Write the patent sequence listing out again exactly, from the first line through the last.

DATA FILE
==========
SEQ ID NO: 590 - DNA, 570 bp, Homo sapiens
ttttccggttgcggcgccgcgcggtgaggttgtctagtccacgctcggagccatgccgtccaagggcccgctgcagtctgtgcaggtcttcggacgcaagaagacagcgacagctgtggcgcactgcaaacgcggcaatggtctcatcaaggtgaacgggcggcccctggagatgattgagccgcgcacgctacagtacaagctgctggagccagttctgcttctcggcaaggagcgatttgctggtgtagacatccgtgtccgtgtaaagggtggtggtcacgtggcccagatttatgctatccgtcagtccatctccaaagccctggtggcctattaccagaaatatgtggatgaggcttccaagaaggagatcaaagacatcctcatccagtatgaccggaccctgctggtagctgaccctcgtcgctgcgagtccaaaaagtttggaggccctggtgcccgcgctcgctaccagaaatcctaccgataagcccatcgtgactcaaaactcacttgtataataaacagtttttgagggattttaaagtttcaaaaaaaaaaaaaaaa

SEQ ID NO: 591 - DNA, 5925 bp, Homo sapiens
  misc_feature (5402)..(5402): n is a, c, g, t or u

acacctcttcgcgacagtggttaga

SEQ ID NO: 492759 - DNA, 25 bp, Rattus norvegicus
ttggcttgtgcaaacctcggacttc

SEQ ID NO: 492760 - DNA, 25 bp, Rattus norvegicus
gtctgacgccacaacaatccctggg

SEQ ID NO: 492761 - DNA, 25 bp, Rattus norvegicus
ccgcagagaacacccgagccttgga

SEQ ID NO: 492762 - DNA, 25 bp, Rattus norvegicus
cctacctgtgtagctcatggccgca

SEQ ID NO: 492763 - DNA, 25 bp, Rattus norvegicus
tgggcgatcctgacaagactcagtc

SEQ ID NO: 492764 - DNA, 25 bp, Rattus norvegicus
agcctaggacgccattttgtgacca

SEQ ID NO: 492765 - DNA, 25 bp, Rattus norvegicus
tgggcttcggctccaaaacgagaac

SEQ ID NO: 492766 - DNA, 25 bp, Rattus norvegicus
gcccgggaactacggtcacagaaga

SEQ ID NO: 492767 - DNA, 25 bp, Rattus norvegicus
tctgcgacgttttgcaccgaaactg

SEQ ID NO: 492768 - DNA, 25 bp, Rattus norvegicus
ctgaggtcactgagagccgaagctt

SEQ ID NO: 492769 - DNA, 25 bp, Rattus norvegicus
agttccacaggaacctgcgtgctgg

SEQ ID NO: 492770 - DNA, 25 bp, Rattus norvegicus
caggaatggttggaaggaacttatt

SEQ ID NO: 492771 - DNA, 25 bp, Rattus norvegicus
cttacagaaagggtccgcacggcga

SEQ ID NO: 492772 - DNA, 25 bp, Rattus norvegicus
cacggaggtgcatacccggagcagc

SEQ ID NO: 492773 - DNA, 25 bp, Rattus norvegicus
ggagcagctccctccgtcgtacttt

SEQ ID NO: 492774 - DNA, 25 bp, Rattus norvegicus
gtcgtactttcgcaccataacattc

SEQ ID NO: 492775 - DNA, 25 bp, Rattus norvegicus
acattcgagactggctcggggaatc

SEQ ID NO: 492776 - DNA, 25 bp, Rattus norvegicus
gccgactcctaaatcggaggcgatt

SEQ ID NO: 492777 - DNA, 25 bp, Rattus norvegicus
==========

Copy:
SEQ ID NO: 590 - DNA, 570 bp, Homo sapiens
ttttccggttgcggcgccgcgcggtgaggttgtctagtccacgctcggagccatgccgtccaagggcccgctgcagtctgtgcaggtcttcggacgcaagaagacagcgacagctgtggcgcactgcaaacgcggcaatggtctcatcaaggtgaacgggcggcccctggagatgattgagccgcgcacgctacagtacaagctgctggagccagttctgcttctcggcaaggagcgatttgctggtgtagacatccgtgtccgtgtaaagggtggtggtcacgtggcccagatttatgctatccgtcagtccatctccaaagccctggtggcctattaccagaaatatgtggatgaggcttccaagaaggagatcaaagacatcctcatccagtatgaccggaccctgctggtagctgaccctcgtcgctgcgagtccaaaaagtttggaggccctggtgcccgcgctcgctaccagaaatcctaccgataagcccatcgtgactcaaaactcacttgtataataaacagtttttgagggattttaaagtttcaaaaaaaaaaaaaaaa

SEQ ID NO: 591 - DNA, 5925 bp, Homo sapiens
  misc_feature (5402)..(5402): n is a, c, g, t or u

acacctcttcgcgacagtggttaga

SEQ ID NO: 492759 - DNA, 25 bp, Rattus norvegicus
ttggcttgtgcaaacctcggacttc

SEQ ID NO: 492760 - DNA, 25 bp, Rattus norvegicus
gtctgacgccacaacaatccctggg

SEQ ID NO: 492761 - DNA, 25 bp, Rattus norvegicus
ccgcagagaacacccgagccttgga

SEQ ID NO: 492762 - DNA, 25 bp, Rattus norvegicus
cctacctgtgtagctcatggccgca

SEQ ID NO: 492763 - DNA, 25 bp, Rattus norvegicus
tgggcgatcctgacaagactcagtc

SEQ ID NO: 492764 - DNA, 25 bp, Rattus norvegicus
agcctaggacgccattttgtgacca

SEQ ID NO: 492765 - DNA, 25 bp, Rattus norvegicus
tgggcttcggctccaaaacgagaac

SEQ ID NO: 492766 - DNA, 25 bp, Rattus norvegicus
gcccgggaactacggtcacagaaga

SEQ ID NO: 492767 - DNA, 25 bp, Rattus norvegicus
tctgcgacgttttgcaccgaaactg

SEQ ID NO: 492768 - DNA, 25 bp, Rattus norvegicus
ctgaggtcactgagagccgaagctt

SEQ ID NO: 492769 - DNA, 25 bp, Rattus norvegicus
agttccacaggaacctgcgtgctgg

SEQ ID NO: 492770 - DNA, 25 bp, Rattus norvegicus
caggaatggttggaaggaacttatt

SEQ ID NO: 492771 - DNA, 25 bp, Rattus norvegicus
cttacagaaagggtccgcacggcga

SEQ ID NO: 492772 - DNA, 25 bp, Rattus norvegicus
cacggaggtgcatacccggagcagc

SEQ ID NO: 492773 - DNA, 25 bp, Rattus norvegicus
ggagcagctccctccgtcgtacttt

SEQ ID NO: 492774 - DNA, 25 bp, Rattus norvegicus
gtcgtactttcgcaccataacattc

SEQ ID NO: 492775 - DNA, 25 bp, Rattus norvegicus
acattcgagactggctcggggaatc

SEQ ID NO: 492776 - DNA, 25 bp, Rattus norvegicus
gccgactcctaaatcggaggcgatt

SEQ ID NO: 492777 - DNA, 25 bp, Rattus norvegicus